DACA recipients celebrate Supreme Court ruling

Conservative Chief Justice John Roberts joined four liberal justices to reject the Trump administration’s proposed reasons for ending the DACA program.
3:57 | 06/19/20

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Transcript for DACA recipients celebrate Supreme Court ruling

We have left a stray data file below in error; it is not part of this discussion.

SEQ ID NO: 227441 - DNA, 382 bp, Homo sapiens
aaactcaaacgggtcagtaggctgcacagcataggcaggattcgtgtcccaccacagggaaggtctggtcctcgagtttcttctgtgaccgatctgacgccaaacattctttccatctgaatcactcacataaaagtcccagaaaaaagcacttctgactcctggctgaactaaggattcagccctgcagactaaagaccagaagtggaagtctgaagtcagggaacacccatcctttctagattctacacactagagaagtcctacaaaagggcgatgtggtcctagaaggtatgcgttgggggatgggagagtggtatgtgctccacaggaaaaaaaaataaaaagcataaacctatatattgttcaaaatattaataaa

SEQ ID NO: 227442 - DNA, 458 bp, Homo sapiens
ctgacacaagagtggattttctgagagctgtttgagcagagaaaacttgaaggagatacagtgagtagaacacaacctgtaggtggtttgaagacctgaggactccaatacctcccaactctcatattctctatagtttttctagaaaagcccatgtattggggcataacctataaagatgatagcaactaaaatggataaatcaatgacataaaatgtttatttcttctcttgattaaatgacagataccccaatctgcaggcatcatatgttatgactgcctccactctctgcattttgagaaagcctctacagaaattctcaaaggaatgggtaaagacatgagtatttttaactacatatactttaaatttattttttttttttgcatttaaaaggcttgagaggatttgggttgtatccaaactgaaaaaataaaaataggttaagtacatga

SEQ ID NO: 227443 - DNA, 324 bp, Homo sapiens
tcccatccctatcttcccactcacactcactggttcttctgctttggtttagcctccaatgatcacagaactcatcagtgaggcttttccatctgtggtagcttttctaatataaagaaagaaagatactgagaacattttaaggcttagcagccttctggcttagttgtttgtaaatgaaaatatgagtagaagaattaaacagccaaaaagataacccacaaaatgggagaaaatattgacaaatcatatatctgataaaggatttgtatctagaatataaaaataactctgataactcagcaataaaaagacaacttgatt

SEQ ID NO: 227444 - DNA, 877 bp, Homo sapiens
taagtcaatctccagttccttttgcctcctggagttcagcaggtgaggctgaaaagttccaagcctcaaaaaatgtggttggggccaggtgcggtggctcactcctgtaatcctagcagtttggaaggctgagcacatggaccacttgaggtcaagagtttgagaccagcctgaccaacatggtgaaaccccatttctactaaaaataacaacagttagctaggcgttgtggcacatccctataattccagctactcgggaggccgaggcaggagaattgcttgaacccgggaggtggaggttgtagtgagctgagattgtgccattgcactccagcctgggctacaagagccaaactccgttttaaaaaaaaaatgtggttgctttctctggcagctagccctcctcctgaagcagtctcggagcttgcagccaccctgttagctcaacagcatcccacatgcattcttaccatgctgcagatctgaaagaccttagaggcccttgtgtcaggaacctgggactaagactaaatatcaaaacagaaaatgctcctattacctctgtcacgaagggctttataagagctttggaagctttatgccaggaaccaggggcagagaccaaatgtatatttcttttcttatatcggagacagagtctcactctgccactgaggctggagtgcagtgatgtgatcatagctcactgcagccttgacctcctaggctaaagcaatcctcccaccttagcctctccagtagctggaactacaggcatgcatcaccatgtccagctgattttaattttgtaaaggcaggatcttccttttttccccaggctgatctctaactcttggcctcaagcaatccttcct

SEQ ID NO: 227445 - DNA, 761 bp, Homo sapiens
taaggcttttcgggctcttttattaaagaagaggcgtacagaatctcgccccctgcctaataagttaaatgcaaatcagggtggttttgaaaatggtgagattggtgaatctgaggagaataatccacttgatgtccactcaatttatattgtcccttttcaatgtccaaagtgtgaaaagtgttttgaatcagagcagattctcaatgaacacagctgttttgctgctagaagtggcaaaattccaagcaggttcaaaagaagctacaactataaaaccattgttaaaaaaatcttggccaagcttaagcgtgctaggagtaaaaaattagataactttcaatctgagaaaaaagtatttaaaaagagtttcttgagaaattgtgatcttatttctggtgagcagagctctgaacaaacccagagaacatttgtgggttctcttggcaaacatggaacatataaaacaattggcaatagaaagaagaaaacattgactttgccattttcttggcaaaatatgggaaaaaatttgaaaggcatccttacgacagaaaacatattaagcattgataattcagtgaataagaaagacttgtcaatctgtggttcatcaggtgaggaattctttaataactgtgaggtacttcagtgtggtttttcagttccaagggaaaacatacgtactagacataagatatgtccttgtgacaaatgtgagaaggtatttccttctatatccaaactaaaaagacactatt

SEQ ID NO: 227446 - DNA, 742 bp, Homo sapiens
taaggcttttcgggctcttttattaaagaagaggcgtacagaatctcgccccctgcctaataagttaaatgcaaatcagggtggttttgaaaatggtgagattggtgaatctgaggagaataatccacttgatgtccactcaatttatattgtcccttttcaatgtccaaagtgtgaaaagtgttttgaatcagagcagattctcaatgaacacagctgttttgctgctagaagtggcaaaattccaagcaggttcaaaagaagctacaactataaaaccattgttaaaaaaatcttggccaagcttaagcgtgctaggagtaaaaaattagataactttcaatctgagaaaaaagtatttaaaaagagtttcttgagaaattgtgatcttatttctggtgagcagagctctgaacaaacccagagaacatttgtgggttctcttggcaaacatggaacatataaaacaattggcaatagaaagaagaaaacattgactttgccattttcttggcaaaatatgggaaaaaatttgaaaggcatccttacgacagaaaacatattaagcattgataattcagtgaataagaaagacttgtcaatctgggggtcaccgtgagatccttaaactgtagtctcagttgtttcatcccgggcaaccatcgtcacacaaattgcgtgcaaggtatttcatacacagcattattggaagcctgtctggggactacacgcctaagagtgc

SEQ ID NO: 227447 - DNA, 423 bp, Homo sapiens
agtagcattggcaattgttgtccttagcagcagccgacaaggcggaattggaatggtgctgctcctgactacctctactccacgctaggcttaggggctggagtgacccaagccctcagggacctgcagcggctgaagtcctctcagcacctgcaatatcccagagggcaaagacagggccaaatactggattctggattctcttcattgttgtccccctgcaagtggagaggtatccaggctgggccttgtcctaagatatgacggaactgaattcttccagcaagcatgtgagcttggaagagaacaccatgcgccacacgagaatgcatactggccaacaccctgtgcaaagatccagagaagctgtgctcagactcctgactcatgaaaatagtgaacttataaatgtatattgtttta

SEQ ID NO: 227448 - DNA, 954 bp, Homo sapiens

Good evening and it's great to have you with us on a very busy night of news. Tonight, the supreme court ruling on the dreamers, blocking president trump's plan to end the program that protects nearly 650,000 young immigrants who came to America as children, protecting them from being deported. Chief justice John Roberts joining the court's more liberal justices in the 5-4 decision, saying the president has the right to dismantle the program, but that the administration failed to provide, quote, a reasoned explanation for its on the steps of the supreme court today, there were celebrations, banners says "America is home." It was a blow to the president, ending DACA was a top campaign promise. And it was the second time this week the high court has ruled against him, after Tuesday's decision protecting lgbtq workers from discrimination in the workplace. Tonight, the president responding, taking on the court and making it clear this will be a key issue come November. But for now, a major victory for the dreamers. And ABC's Terry Moran, who covers the court, leading us off tonight. Reporter: Across America, for hundreds of thousands of dreamers, there was relief, for Surprised, to be honest. I was expecting the worst. Reporter: For many, the ruling keeps hope alive. Still feels very sure ram. Reporter: This woman came to our country from El Salvador when she was 8 years old. She's a med scal student in Rhode Island now. I will be able to apply to residency programs and hopefully achieve my dream of becoming a surgeon. Reporter: In the court's 5-4 ruling today, conservative chief justice John Roberts joined the four liberal justices, rejecting the trump administration's stated reasons for ending DACA in 2017 as merely arbitrary and ka precious, violating federal law. At the same time, the court's ruling makes clear the president can end the program, as long as he does it properly. We do not decide whether DACA or its rescission are sound policies. We address only whether the agency provided a reasoned explanation for its action," Roberts wrote. In a fierce dissent, justice Clarence Thoms called DACA unlawful from its inception and accused his fellow justices of ducking their duty. Today's decision must be recognized for what it is, an effort to avoid a politically controversial but legal yet decision," Thomas wrote. Within hours of the ruling, president trump fired off a few furious tweets. "These horrible and politically charged decisions coming out of the supreme court are shotgun blasts into the face of people that are proud to call themselves Republicans or conservatives," he wrote. Adding another, "Do you get the impression the supreme court doesn't like me?" President Obama announced the DACA program in 2012. Since then, more than 825,000 have utilized the program, including roughly 27,000 now working in the health care industry, fighting covid-19. All told, the dreamers paid nearly $4 billion in federal taxes in 2017 and their families include 256,000 U.S. Children born here. America is my home. . Let's get to Terry Moran. While this is a victory for the dreamers, it's not a permanent decision. So, what is likely to come next and this immediately puts this front and center come election day. Reporter: It sure does, David. This is not a permanent decision. It puts it right back on the map. President trump can go and try again and he suggested on Twitter he will. And that will mean the dreamers will be a big election issue. Joe Biden responding on Twitter today, saying, "Here's my promise to you. On day one, I'll send a bill to congress that creates a clear road map to citizenship for dreamers and for 11 million undocumented migrants into our country." So, it is a major political issue no that it has left the courts. David? Terry, thank you. There is also major developments in the death of

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